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Contra dancing across the generational divide

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Wayne Crouch dances with Ann Fisher.

PRIME photo by George Skovera

Amherst area gathering reflects a regional community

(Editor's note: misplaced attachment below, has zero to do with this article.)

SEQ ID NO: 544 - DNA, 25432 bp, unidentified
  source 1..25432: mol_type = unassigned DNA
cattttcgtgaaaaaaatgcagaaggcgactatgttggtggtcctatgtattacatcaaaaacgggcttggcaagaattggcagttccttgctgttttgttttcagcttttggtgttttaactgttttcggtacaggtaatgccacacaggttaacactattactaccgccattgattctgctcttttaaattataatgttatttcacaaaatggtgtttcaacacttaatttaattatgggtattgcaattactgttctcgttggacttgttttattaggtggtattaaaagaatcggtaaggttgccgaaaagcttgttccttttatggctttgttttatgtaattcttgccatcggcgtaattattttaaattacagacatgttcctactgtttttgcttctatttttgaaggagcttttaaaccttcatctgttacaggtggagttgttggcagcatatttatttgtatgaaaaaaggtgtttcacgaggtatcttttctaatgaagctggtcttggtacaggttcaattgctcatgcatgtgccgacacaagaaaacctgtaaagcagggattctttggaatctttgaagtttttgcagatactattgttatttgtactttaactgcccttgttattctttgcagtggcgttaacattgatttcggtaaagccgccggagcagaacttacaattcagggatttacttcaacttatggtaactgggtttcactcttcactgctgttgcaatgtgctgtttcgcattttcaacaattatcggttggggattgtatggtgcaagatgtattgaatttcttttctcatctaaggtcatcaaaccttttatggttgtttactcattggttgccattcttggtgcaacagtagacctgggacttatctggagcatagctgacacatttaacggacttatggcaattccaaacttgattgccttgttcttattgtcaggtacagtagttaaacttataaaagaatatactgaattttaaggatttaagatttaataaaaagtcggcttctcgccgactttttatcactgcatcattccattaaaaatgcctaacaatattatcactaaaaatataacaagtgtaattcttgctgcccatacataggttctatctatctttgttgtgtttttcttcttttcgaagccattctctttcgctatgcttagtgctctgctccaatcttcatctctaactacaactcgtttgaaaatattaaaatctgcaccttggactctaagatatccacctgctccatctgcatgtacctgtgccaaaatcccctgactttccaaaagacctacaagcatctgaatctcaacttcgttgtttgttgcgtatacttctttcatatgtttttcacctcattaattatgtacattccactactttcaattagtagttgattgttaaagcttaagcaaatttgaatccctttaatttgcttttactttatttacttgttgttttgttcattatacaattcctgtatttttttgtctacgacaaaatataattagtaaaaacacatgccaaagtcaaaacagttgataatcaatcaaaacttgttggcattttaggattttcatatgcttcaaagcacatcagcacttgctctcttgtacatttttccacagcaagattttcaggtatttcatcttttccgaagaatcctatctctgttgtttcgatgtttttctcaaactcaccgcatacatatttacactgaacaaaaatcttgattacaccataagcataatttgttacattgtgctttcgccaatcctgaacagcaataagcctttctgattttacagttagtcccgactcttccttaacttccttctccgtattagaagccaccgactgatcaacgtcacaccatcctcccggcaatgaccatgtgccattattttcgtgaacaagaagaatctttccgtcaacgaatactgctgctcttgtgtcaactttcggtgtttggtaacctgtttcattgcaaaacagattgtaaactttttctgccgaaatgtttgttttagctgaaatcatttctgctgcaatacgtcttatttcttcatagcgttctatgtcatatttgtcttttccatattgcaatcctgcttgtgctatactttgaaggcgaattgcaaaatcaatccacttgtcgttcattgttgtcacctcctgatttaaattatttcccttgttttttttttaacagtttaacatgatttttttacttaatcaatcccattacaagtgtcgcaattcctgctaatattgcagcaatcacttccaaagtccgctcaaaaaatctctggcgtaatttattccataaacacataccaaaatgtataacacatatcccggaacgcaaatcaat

January 2012 By Mike Briotta PRIME Editor On a cold evening, while most people are congregating at local malls for last-minute Christmas shopping, dozens of folks instead make their way up the steps of the Masonic Lodge in downtown Amherst. This is a different type of gathering. It's a contra dance, and in Amherst it's a midweek opportunity to step out for an evening of face-to-face communal joy. Contra dancing stands in contrast to the digital age. In many ways, it's the opposite of Facebook "friending" on your iPhone. In an era when social networking is something conducted through a computer screen, spending time with real people — rather than their avatars — is fast becoming a radical concept. However, few people outside of Hampshire or Franklin County fully understand its allure. "This is a revived series," says organizer Will Loving of the Wednesday night dance events. "There seemed to be a space for a weeknight dance. I wanted to make it accessible to people who don't have transportation, so it's on the bus line. Our crowd is very intergenerational. We have dancers from ages 16 to over 80, and every generation in-between." The midweek dance in downtown Amherst has been in existence for about one year. Loving continues, "The music ranges from traditional contra to 'techno contra' with black lights and lasers; Lady Gaga to whatever. Traditionally, the music is very much a fiddle-based framework." Playing on this night, the band Arigana Highway is composed of fiddle, upright bass (alternated with banjo), acoustic guitar and hand percussion. Similarities exist between contra dancing and square dancing, but the two have evolved with different styles. It's best to check all your preconceived notions of square dancing at the door, if you want to get a true sense of the contra dancing experience. The meeting room in downtown Amherst is plain, sporting a simple stage for the band. You'd never know at the beginning of the night that this room will soon fill with its own vibrance, it's own breath: an ebb and flow of people who seem to genuinely care for one another. The scene is at once familial, communal, warm and inviting. The music is essentially a form of folk music, but the range of influences within that genre can vary widely, including traditional Irish motifs, Zydeco themes and Latin rhythms. Contra dance is the union of English country dance with French-Canadian influences, blended with other influences. A slower waltz is danced before the mid-point break of Amherst event, and returns again at the end of the night. Don Herold, 83, is a grandfather from Northampton. He was a post-World War II occupier of Japan with the 8th Army under the direction of General Douglas MacArthur. When he returned to the states, he started taking classes at the City College of New York in 1948. It was there that he discovered this style of dance, although at the time he danced a version of it called the Virginia Reel. "I had gotten back from Japan and was taking classes, when I joined an undergraduate folk dance club," Herold recalls. "Every week we would try out a different type of folk dancing. We did the Virginia Reel, the original American folk dance." That style of dance, a close relative of contra dance, soon took hold of Herold, and he's enjoyed it ever since. Herold said the FBI would soon profile him for his involvement in peaceful protests. "I signed a peace petition," he says. "These were the Hoover years, around 1948 or '49. We were considered Commie Pinkos." He jokes, looking down at his arm, "I'm not pink, but I'm still a leftist." Scanning the room, he quips, "I'm probably the oldest one here. They keep dying off." His t-shirt reads, "Carpe Diem, again." On his chest is a note that says, "Gently Please" and underneath is the explanation: "Bad Heart." Herold is recovering from recent heart surgery and discovered the Amherst dance about one month ago. Asked if contra dancing is part of his doctor-prescribed therapy regimen, he replies, "No. But if I lie down, they will bury me." Herold typically dances half the night, for about an hour-and-a-half of the three-hour event. He starts to tap his feet as the band warms up. "We've got the groove," he casually observes, before gently taking the hand of a nearby partner. Fiddling Around As the crowd spills in throughout the night, the wooden floor seems to sway, pulsing with its own rhythm. The floor becomes its own percussive instrument, played at once by every dancer, together. Through stomping, clapping and shouting, dancers help to make the music. Some are in their socks, others barefoot, while most wear soft-soled shoes. The room reverberates with footfalls. An ecstatic look lights each dancer's face. Occasional handclaps and short vocalizations, whoops and hollers from the dancers, punctuate the air. The shirt of one dancer expresses the mantra: "Eat. Sleep. Dance." Ellen Hopman, 59, of Belchertown, has been contra dancing since 1980. She got her start with this style of dance in Pennsylvania, and has since enjoyed similar dance nights all over the country — including dances in Maryland and California. "It's a subculture that you don't hear much about," she says. Hopman adds of the local community, "If people get sick, or their house burns down, we help raise money for them. This is a great way to get out of the whole alienation of society. You also really exercise—someone tracked it on a pedometer and it showed six miles for the whole night, from beginning to end." According to Loving, the name stems from both "country" dancing many years ago as well as the facing of couples—the root of "contra" means "against." Hopman said that each line of dancers is a "reel" and the circles of four people within those lines hearken back to a French Quadrille. "This style of dance has been done in New England for about 400 years," Hopman explains, "Since before we were a nation." "A hundred years ago, agricultural communities would have 'down time' when they would all gather together and dance," Loving says. "Now, it's shifted from a community dance to a dance community. The dance environment is the starting point for this community. People meet each other through contra dance." He adds, "There are people here tonight who have never done contra dance before, but give them three to four times and they will relax and be fine." Dancers who are new to this style, though familiar with square dancing, may find some recognizable words among the callers' directions, such as the dosi-do, passing on the right or left, and swinging your partner. In contra dance, the moves "Allemande left" and "Allemande right" instruct couples to hold hands and turn around each other. "Sometimes men dance with men, women dance with women," says Loving. "They don't want to stand around. It's no different than what they did 150 years ago." He continues, "Sometimes men will wear skirts, or kilts, or shorts because they are cooler than pants. There's no dress code, and contra dance is a safe place." The occasional wearing of skirts by male dancers, as well as personal flourishes allowed in the dance moves are local aspects of contra dancing in the Pioneer Valley that are not always found elsewhere in the national trend. There's an openness here embodied in the statement "All are welcome" printed on the group's flyers. Says Loving, "You will find an amazing variety of contra dancers. There are carpenters and farmers here tonight. There's also a forensic psychologist and a particle physicist here tonight." He added of the constant flux of the dance floor, "You can pretty much say you have danced with everyone in the hall at the end of the night, even if only for eight seconds." Loving Grace Ralph Sturgen, 64, dances with his wife Liz, age 54. He wears a red bandana, and explains during a break in the action that this is a wellspring of shared enjoyment for the Easthampton couple. When they first began dancing in Amherst, Ralph says that Liz was unsure he would want to stick with the dance throughout the night. "She thought she would drag me away in ten minutes," he remembers. "She ended up dragging me away in two hours. That was almost eight years ago." On the subject of the physical workout provided by contra dancing, Sturgen comments, "I had to find something that was enough fun, I forgot it was exercise. This provides great aerobic activity, two to three times a week." The dance moves, according to Loving, are simple once you get the hang of them. "If you can walk and count to eight, you can contra dance. And counting to eight is optional," he laughs. Loving points out a man in his 70's, Al Perry, who helps younger dancers get their groove on. "He's what we call a 'dance angel.' He intentionally seeks out people who look confused and new, to introduce them to contra dance." Looking around the room, there's a former minister next to a theater manager. Nils Fredland dances barefoot; he's a professional contra dance caller in his 30's. Says Loving, "This is a chance to interact with people of every age. It's just amazing. I've danced with seven-year-olds and 70-year-olds in the same evening. Contra always has been and continues to be very intergenerational, sometimes explicitly so as in 'BIDA,' the Boston Intergenerational Dance Association. In fact, I think contra is the most intergenerational activity I know of." This evening, dance caller Hannah Otten age 17, directs the movements on the floor. Otten is among the youngest callers, having made learning to direct contra dances her senior year project for high school. Tonight's band also features percussionist Matt Kenney, a 13-year-old whose father plays bass and banjo for the group. At least 20 distinct contra dances are listed in the Greenfield area, with many more taking place in Amherst and Northampton. Most in attendance at the downtown Amherst dance fondly refer to Greenfield as a regional and even national hub for contra dance enthusiasts. Loving says about the area's unique claim to fame, "You will not find a higher concentration of experienced dancers and dances anywhere but in Massachusetts." Loving adds of the weekly get-together in Amherst, "There are of course many reasons why people contra dance. including live music, joyful physical activity, safe and substance-free environment, exercise, as well as unthreatening physical touch." In other words, he says, "You will experience more safe physical contact in three hours here than you're likely to get the rest of the week." The whirling, spinning dancers follow a continuous loop of patterns. As the caller signals just one more time around for the band, they kick into a crescendo. On the floor is a harmonious tangle of limbs, loosely structured. Done right, contra dancing is euphoric. Loving calls the reflection on the faces of dancers a "look of reliable joy." Toward the end of the night, we retrace our steps back into the foyer of the old Masonic building in Amherst. Antique photos line the lobby. These sepia-toned images are the faces of the town's long-deceased fathers. They remind us that, once we exit, there will be just pictures left behind: No more stomping, no more whooping out loud. So make the most of your moments on the dance floor while you can. PRIME For more information about the Amherst dance, their Web site is . For information about contra dancing in the region, please see . Bookmark and Share